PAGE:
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Objective Troy Book Front Cover

President's Daily Briefs from Kennedy and Johnson Finally Released (Eight Years After Archive, Professor Larry Berman Lawsuit)

CIA Told Courts the PDB Was Itself an Intelligence Method

9th Circuit Ruled PDBs Could Not Be Withheld as a Class

National Security Archive Electronic Briefing Book No. 530

Compiled and edited by Tom Blanton and Lauren Harper

Posted September 16, 2015

For further information, contact 202.994.7000, nsarchiv@gwu.edu.

Related materials

 

Freeing the Presidentís Daily Brief
by John Prados

 

CIA relents in secrecy fight on presidential intelligence briefings
The briefings detail reaction to some of the biggest crises of the 1960s.
by Josh Gerstein

 

 

Previously Released PDBs

 

President's Daily Brief, 7 August 1965 (4 pp.), declassified 15 July 1993
Source: Lyndon Baines Johnson Library (Austin, Texas), National Security File, Intelligence Briefings File, obtained by Dr. William Burr.

 

President's Daily Brief, 13 May 1967, (1 p. excerpt), declassified 14 May 1993

 

President's Daily Brief, 16 May 1967 (2 pp. excerpt), declassified 14 May 1993

 

President's Daily Brief, 27 May 1967 (1 p. excerpt), declassified 14 May 1993

 

President's Daily Brief, 5 June 1967 (3 pp. with "Late Items"), declassified 14 May 1993
Compare to FRUS version which omits Nigeria (click here)

 

President's Daily Brief, 6 June 1967 (1 p. excerpt), declassified 14 May 1993

 

President's Daily Brief, 7 June 1967 (1 p. excerpt), declassified 14 May 1993

 

President's Daily Brief, 8 June 1967 (2 pp. excerpt), first page declassified 14 May 1993, "Late Item" page declassified 6 November 1985

 

President's Daily Brief, 9 June 1967 (3 pp.), first two pages declassified 14 May 1993, "Late Item" page declassified 6 November 1985
Source for the above 1967 PDB excerpts: Lyndon Baines Johnson Library (Austin, Texas), National Security Council History, Middle East Crisis, Appendix A, obtained by Dr. William Burr.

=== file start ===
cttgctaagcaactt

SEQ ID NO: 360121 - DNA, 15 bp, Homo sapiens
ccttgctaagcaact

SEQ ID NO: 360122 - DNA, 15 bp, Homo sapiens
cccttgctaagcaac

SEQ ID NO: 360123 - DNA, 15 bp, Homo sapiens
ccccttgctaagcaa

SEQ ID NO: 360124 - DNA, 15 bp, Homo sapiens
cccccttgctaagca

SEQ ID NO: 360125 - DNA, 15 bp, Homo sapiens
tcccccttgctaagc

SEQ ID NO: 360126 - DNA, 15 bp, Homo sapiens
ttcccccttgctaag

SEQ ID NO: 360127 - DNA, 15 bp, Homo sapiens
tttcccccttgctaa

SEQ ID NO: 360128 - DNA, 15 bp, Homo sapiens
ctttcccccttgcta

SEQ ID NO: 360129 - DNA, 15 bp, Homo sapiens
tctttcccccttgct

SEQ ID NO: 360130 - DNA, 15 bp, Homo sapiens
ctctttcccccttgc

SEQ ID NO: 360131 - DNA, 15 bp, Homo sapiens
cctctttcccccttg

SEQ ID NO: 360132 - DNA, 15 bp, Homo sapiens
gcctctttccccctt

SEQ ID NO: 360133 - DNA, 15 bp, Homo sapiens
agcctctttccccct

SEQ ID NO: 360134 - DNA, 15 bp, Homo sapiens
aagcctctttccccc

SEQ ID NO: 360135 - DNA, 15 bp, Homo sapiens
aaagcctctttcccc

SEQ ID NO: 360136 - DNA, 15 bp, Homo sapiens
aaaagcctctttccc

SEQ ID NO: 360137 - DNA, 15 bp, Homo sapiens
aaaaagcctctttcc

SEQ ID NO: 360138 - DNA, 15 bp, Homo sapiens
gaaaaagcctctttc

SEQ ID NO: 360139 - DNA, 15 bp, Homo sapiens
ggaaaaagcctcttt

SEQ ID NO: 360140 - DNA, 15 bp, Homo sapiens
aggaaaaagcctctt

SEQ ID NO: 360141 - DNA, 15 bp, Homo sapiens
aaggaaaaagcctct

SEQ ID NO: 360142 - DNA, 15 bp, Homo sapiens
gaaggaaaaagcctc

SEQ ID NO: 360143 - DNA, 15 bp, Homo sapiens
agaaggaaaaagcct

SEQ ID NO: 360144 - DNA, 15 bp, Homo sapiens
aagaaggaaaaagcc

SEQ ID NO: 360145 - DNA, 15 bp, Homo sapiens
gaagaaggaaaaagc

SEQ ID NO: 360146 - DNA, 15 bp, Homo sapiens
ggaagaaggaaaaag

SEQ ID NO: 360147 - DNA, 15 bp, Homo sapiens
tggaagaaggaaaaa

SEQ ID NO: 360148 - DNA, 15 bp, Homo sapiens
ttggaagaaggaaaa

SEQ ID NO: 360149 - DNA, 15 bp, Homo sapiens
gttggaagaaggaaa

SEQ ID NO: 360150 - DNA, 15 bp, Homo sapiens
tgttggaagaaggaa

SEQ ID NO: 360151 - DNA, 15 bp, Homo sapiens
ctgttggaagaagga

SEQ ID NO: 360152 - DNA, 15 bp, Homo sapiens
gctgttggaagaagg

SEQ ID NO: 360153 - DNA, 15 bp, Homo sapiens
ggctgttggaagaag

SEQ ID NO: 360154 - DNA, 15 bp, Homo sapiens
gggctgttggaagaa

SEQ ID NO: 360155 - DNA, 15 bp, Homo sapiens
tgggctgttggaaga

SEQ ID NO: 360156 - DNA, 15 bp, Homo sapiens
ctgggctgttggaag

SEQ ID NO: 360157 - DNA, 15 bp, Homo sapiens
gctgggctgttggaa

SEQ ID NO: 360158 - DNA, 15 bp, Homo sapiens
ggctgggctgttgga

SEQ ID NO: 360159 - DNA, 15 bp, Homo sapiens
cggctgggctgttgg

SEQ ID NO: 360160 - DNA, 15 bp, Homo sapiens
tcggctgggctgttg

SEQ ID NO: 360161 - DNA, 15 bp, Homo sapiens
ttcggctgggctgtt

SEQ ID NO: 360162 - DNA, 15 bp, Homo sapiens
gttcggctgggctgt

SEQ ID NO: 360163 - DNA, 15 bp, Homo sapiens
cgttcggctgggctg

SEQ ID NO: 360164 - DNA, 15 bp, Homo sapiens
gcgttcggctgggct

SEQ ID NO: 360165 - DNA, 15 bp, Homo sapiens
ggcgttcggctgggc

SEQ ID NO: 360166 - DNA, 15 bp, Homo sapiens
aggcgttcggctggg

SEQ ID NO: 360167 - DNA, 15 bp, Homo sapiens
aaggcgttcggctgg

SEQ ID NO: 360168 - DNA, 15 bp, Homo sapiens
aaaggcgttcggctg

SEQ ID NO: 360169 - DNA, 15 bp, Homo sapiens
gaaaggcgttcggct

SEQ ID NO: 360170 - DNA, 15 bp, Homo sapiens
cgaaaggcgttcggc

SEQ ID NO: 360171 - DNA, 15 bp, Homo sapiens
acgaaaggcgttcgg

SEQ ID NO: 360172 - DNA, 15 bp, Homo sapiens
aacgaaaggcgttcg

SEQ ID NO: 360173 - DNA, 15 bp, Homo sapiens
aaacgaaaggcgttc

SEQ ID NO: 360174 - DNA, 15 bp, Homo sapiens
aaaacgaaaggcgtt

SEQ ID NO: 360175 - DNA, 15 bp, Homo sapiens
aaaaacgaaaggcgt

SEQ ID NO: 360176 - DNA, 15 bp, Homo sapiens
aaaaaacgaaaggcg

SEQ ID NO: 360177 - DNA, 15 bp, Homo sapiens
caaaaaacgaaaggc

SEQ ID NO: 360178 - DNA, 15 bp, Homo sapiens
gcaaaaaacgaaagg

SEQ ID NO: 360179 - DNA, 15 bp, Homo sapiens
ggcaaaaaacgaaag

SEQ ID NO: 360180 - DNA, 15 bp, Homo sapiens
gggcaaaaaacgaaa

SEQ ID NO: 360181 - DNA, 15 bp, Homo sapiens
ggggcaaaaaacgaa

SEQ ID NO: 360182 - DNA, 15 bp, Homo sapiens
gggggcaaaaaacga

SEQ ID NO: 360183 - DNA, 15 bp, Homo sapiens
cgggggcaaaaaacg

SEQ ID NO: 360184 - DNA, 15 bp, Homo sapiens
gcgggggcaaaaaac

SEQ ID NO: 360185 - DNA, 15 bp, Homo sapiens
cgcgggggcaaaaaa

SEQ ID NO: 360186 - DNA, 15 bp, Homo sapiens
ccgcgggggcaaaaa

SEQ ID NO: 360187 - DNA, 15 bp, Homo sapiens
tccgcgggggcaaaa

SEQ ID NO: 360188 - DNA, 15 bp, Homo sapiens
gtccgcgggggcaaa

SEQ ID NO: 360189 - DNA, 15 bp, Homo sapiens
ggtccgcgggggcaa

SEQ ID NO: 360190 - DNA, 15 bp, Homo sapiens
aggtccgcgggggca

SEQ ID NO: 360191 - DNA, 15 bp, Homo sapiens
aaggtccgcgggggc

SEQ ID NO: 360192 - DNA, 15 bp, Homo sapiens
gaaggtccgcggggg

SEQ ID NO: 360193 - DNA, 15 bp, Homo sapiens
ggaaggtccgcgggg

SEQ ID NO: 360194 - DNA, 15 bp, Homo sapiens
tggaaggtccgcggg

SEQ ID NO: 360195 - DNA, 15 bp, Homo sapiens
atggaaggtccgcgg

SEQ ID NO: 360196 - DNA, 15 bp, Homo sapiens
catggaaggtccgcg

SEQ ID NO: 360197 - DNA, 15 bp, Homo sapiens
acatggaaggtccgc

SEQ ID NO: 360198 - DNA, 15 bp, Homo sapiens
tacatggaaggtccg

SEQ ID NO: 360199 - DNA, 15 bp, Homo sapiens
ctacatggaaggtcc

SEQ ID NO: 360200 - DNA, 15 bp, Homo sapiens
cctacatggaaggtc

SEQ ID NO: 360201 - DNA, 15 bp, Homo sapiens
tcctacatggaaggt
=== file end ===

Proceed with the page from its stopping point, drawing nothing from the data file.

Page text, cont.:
President's Daily Brief, 1 April 1968 (5 pp.), declassified 21 December 1989
Source: Lyndon Baines Johnson Library (Austin, Texas), National Security File, Intelligence Briefings File, obtained by Dr. William Burr.

 

President's Daily Brief, 25 April 1967
Source: Declassified by the Johnson Library, 10 December 2004

 

President's Daily Brief, 29 May 1967
Source: Declassified by the Johnson Library, 2 December 2004

 

President's Daily Brief, "Subject: Bin Ladin Preparing to Hijack US Aircraft and Other Attacks," 4 December 1998
Source: 9/11 Commission Report, Chapter 4, pp. 128-129

 

President's Daily Brief, "Bin Ladin Determined To Strike in US," 6 August 2001

 


See Buroker's arguments for withholding PDBs in full (above)

 

See The President's Daily Brief 2 April 1968 (top right) and
The President's Daily Brief 6 August 1965 (bottom right),
finally released in part despite the CIA's earlier dire claims of non-segregablility, September 16, 2015

 

Washington, D.C., September 16, 2015 - Today the CIA and the LBJ Library are releasing online a collection of 2,500 declassified President’s Daily Briefs (PDBs) from the Kennedy and Johnson administrations. The PDBs are Top Secret documents containing the most current and significant intelligence information that the CIA believes that the President needs to know, and are records that CIA Director George Tenet once claimed could never be released for publication “no matter how old or historically significant it may be,” and that White House Press Secretary Ari Fleischer described as “the most highly sensitized classified document in the government.”

The release of this collection of PDBs comes eight years after the Ninth Circuit Court of Appeals ruled against the National Security Archive and Professor Larry Berman, then a professor of political science at University of California Davis, now based at Georgia State University, in his efforts to obtain the disclosure of two Presidential Daily Briefs written for President Lyndon B. Johnson in the 1960s. Professor Berman and the Archive were represented by Thomas R. Burke and Duffy Carolan of the law firm Davis Wright Tremaine LLP in San Francisco, CA. In its ruling, the Court noted –without viewing the documents– that their disclosure could “reveal protected intelligence sources and methods.” The Court rejected, however, the CIA’s “attempt to create a per se status exemption for PDBs.”

At the time of the 2007 ruling, Archive General Counsel Meredith Fuchs said that while disappointed with the Court’s decision, “Our goal in this litigation was to force the agency to conduct a genuine review and assess the true sensitivity of each document. We hope the Agency will take the Court’s analysis to heart and do the right thing in the future.”


Eight years after Professor Berman filed suit, that genuine review has finally happened. It shows that the CIA's previous dire claims that PDBs were "uniquely sensitive" and non-segregable were untrue.

Today the National Security Archive is proud to post a compilation of our ongoing work to shed light on these important documents. The collection is comprised of dozens of records and the Ninth Circuit Court ruling, which paved the way for today’s disclosure.


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